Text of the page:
6. Read your friends, neighbors and strangers. For me, “friends” equals fellow Pentecostals. “Neighbors” means authors from non-Pentecostal Christian traditions, such as Calvinists or Methodists. “Strangers” refers to authors from non-Christian religious or non-religious backgrounds. Reading these groups helps you better understand both the breadth and the borderlines of Christianity.
  7. Old books often say it best. “Every age has its own outlook,” wrote C.S. Lewis. Including our own. That outlook isn’t true just because it’s contemporary or because it’s ours. The only way to test its truthfulness, Lewis went on, is to “keep the clean sea breeze of the ages blowing through our minds, and this can be done only by reading old books.”
  8. The best book is a shared book. If it’s good, it’s good enough to share with others. If it helped you, it will help them.
  9. It’s OK to read fiction. Fiction has been defined as “the lie that tells the truth.” The events it describes didn’t happen, but they nonetheless accurately depict the human condition. Perhaps that’s why psychologists have found a connection between reading fiction and empathy. The best novels help us understand others better.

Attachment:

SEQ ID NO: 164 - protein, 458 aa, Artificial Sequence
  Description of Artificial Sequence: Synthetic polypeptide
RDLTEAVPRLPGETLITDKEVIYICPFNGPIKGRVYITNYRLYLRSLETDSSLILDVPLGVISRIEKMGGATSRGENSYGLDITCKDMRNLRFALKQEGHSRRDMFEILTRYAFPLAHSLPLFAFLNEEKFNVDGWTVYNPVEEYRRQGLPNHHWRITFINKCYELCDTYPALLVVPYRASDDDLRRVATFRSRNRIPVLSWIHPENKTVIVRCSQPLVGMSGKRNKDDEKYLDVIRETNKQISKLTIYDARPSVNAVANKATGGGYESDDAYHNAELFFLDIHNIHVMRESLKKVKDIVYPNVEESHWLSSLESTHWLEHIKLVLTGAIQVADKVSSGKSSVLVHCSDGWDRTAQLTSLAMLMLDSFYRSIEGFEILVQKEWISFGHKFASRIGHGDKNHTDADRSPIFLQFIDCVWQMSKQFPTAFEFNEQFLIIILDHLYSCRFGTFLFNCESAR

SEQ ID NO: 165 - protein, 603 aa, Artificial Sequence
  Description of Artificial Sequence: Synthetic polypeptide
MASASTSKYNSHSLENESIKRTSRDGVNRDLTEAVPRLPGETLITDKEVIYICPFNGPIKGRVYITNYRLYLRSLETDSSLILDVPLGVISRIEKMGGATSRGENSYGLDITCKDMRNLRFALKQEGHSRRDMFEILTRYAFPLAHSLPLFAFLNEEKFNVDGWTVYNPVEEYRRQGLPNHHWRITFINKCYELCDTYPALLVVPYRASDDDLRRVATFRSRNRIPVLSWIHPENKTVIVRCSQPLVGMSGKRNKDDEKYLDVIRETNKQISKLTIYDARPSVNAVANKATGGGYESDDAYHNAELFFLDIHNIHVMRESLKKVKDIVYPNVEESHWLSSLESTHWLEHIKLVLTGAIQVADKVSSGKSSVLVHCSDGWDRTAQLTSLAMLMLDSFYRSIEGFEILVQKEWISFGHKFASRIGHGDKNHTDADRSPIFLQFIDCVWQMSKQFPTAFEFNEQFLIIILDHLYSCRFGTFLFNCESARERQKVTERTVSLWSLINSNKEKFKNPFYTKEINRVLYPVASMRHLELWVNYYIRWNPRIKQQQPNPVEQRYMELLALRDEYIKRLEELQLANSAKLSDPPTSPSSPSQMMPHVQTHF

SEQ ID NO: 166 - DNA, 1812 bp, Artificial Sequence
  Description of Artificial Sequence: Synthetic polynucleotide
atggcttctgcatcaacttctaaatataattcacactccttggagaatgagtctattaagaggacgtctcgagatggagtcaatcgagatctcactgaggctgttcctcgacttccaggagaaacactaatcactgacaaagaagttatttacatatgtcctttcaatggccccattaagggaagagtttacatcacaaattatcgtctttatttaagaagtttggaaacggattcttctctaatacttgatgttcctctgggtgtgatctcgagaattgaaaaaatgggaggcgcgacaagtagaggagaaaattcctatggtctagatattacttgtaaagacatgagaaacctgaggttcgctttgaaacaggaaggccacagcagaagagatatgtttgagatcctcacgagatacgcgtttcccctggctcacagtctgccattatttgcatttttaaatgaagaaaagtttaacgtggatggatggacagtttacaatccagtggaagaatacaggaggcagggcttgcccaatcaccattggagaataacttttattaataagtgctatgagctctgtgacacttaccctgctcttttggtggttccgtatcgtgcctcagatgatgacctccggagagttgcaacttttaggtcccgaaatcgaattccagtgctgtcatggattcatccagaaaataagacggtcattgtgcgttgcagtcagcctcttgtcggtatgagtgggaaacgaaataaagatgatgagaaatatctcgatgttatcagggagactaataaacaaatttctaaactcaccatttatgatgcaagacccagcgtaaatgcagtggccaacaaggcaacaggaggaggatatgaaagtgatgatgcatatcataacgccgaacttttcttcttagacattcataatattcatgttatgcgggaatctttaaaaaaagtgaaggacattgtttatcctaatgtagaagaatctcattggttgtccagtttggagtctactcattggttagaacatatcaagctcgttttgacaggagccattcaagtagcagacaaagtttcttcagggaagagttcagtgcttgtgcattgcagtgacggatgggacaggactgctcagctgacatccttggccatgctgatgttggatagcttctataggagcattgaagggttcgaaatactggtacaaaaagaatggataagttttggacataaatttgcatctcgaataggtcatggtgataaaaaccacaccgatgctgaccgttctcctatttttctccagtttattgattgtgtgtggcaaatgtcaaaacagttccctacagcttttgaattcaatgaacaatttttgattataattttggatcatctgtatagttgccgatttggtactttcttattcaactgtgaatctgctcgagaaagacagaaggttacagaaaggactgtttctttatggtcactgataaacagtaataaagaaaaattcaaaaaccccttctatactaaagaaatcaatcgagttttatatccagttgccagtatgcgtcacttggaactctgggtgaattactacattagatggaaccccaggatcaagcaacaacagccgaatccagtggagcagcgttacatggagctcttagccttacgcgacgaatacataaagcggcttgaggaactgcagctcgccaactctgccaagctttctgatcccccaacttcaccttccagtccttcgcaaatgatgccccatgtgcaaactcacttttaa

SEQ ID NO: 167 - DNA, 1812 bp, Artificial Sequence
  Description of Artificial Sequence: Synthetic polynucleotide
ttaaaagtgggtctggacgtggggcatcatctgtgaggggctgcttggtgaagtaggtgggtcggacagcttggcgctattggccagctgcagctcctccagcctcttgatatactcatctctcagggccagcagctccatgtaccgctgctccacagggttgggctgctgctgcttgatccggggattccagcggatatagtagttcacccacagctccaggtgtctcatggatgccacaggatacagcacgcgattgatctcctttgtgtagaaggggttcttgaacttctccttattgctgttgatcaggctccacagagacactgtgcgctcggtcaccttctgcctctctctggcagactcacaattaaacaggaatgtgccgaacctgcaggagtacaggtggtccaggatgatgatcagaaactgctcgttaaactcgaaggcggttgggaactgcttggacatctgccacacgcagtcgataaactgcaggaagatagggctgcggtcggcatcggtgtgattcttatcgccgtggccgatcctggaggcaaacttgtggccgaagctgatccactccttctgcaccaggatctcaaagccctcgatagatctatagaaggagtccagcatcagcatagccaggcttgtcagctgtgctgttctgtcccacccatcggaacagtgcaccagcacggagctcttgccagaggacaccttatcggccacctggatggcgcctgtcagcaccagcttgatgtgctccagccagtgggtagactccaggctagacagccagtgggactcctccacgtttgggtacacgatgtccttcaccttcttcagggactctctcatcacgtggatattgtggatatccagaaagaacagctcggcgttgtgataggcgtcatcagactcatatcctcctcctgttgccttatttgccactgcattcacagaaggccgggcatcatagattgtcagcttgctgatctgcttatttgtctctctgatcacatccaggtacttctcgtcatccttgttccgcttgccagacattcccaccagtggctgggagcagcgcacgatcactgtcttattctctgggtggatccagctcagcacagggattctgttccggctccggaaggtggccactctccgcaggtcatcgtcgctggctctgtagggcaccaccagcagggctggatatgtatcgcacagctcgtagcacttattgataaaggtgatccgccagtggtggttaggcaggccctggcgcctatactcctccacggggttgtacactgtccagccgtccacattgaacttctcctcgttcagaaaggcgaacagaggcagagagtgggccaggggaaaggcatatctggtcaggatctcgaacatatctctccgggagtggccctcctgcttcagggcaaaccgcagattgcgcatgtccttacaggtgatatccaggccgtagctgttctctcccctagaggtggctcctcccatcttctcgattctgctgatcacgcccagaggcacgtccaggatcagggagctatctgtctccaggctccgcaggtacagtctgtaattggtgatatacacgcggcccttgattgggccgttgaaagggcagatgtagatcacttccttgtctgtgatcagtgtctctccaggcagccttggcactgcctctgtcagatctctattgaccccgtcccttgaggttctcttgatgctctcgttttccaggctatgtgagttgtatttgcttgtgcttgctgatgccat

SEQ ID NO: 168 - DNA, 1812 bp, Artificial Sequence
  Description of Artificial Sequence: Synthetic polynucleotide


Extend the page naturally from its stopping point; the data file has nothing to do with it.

10. Above all, be homo unius libri — a man (or woman) of one Book. Your church needs you to be an expert on the Bible more than anything else. So, read many books, but read the Book most of all.

In the Introduction to his volume of sermons, John Wesley wrote: “[Christ] came from heaven; He hath written it down in a book. O give me that Book! At any price, give me the Book of God. I have it; here is knowledge enough for me. Let me be homo unius libri!”

May that be a well-read pastor’s prayer too!

This article originally appeared in the September/October 2018 edition of Influence magazine.

P.S. This article is cross-posted from InfluenceMagazine.com with permission.

Read Like a Leader | Influence Magazine


I write the “Read Like a Leader” column in Influence magazine. I recommended the following three books in the August/September 2017 issue:

Debating Religious Liberty and Discrimination
John Corvino, Ryan T. Anderson, and Sherif Girgis (Oxford University Press)

All Americans support religious freedom and oppose discrimination — except for when they don’t. “But the devil is in the details,” write John Corvino, Ryan T. Anderson, and Sherif Girgis, “and these topics are rich with controversial details.” Debating Religious Liberty and Discrimination presents a point-counterpoint debate between Corvino, who argues that contemporary religious-freedom claims constitute “a license to discriminate,” and Anderson and Girgis, who argue that laws prohibiting LGBT discrimination needlessly violate religious freedom. Many Americans despair of contemporary political discourse, but this book shows that debate on a hot-button social issue can be conducted with both substance and civility.